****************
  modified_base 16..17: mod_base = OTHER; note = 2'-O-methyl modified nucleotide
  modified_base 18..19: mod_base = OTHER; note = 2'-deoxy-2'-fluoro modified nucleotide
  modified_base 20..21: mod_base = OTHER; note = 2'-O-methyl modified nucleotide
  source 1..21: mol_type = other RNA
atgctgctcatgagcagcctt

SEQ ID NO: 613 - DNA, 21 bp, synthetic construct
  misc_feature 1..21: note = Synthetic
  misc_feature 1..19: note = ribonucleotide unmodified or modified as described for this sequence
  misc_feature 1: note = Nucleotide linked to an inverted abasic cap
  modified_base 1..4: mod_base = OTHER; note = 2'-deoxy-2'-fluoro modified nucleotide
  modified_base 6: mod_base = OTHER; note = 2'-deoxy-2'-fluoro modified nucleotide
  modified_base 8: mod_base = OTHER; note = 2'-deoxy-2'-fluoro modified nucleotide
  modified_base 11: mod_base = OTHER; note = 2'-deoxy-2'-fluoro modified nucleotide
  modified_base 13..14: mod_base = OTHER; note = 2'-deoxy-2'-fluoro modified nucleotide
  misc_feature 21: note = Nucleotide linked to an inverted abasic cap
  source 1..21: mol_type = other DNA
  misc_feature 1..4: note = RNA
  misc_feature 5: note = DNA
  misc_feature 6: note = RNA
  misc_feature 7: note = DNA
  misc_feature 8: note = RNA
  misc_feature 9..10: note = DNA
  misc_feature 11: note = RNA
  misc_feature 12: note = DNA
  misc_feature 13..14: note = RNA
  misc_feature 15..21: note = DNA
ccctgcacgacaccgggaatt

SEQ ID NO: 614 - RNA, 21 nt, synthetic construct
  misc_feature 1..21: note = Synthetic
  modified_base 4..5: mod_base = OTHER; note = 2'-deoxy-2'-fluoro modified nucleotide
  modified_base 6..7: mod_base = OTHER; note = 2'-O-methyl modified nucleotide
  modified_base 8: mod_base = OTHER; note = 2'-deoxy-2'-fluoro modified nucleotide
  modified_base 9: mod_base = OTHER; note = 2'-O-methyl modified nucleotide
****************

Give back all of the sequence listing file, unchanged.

  modified_base 16..17: mod_base = OTHER; note = 2'-O-methyl modified nucleotide
  modified_base 18..19: mod_base = OTHER; note = 2'-deoxy-2'-fluoro modified nucleotide
  modified_base 20..21: mod_base = OTHER; note = 2'-O-methyl modified nucleotide
  source 1..21: mol_type = other RNA
atgctgctcatgagcagcctt

SEQ ID NO: 613 - DNA, 21 bp, synthetic construct
  misc_feature 1..21: note = Synthetic
  misc_feature 1..19: note = ribonucleotide unmodified or modified as described for this sequence
  misc_feature 1: note = Nucleotide linked to an inverted abasic cap
  modified_base 1..4: mod_base = OTHER; note = 2'-deoxy-2'-fluoro modified nucleotide
  modified_base 6: mod_base = OTHER; note = 2'-deoxy-2'-fluoro modified nucleotide
  modified_base 8: mod_base = OTHER; note = 2'-deoxy-2'-fluoro modified nucleotide
  modified_base 11: mod_base = OTHER; note = 2'-deoxy-2'-fluoro modified nucleotide
  modified_base 13..14: mod_base = OTHER; note = 2'-deoxy-2'-fluoro modified nucleotide
  misc_feature 21: note = Nucleotide linked to an inverted abasic cap
  source 1..21: mol_type = other DNA
  misc_feature 1..4: note = RNA
  misc_feature 5: note = DNA
  misc_feature 6: note = RNA
  misc_feature 7: note = DNA
  misc_feature 8: note = RNA
  misc_feature 9..10: note = DNA
  misc_feature 11: note = RNA
  misc_feature 12: note = DNA
  misc_feature 13..14: note = RNA
  misc_feature 15..21: note = DNA
ccctgcacgacaccgggaatt

SEQ ID NO: 614 - RNA, 21 nt, synthetic construct
  misc_feature 1..21: note = Synthetic
  modified_base 4..5: mod_base = OTHER; note = 2'-deoxy-2'-fluoro modified nucleotide
  modified_base 6..7: mod_base = OTHER; note = 2'-O-methyl modified nucleotide
  modified_base 8: mod_base = OTHER; note = 2'-deoxy-2'-fluoro modified nucleotide
  modified_base 9: mod_base = OTHER; note = 2'-O-methyl modified nucleotide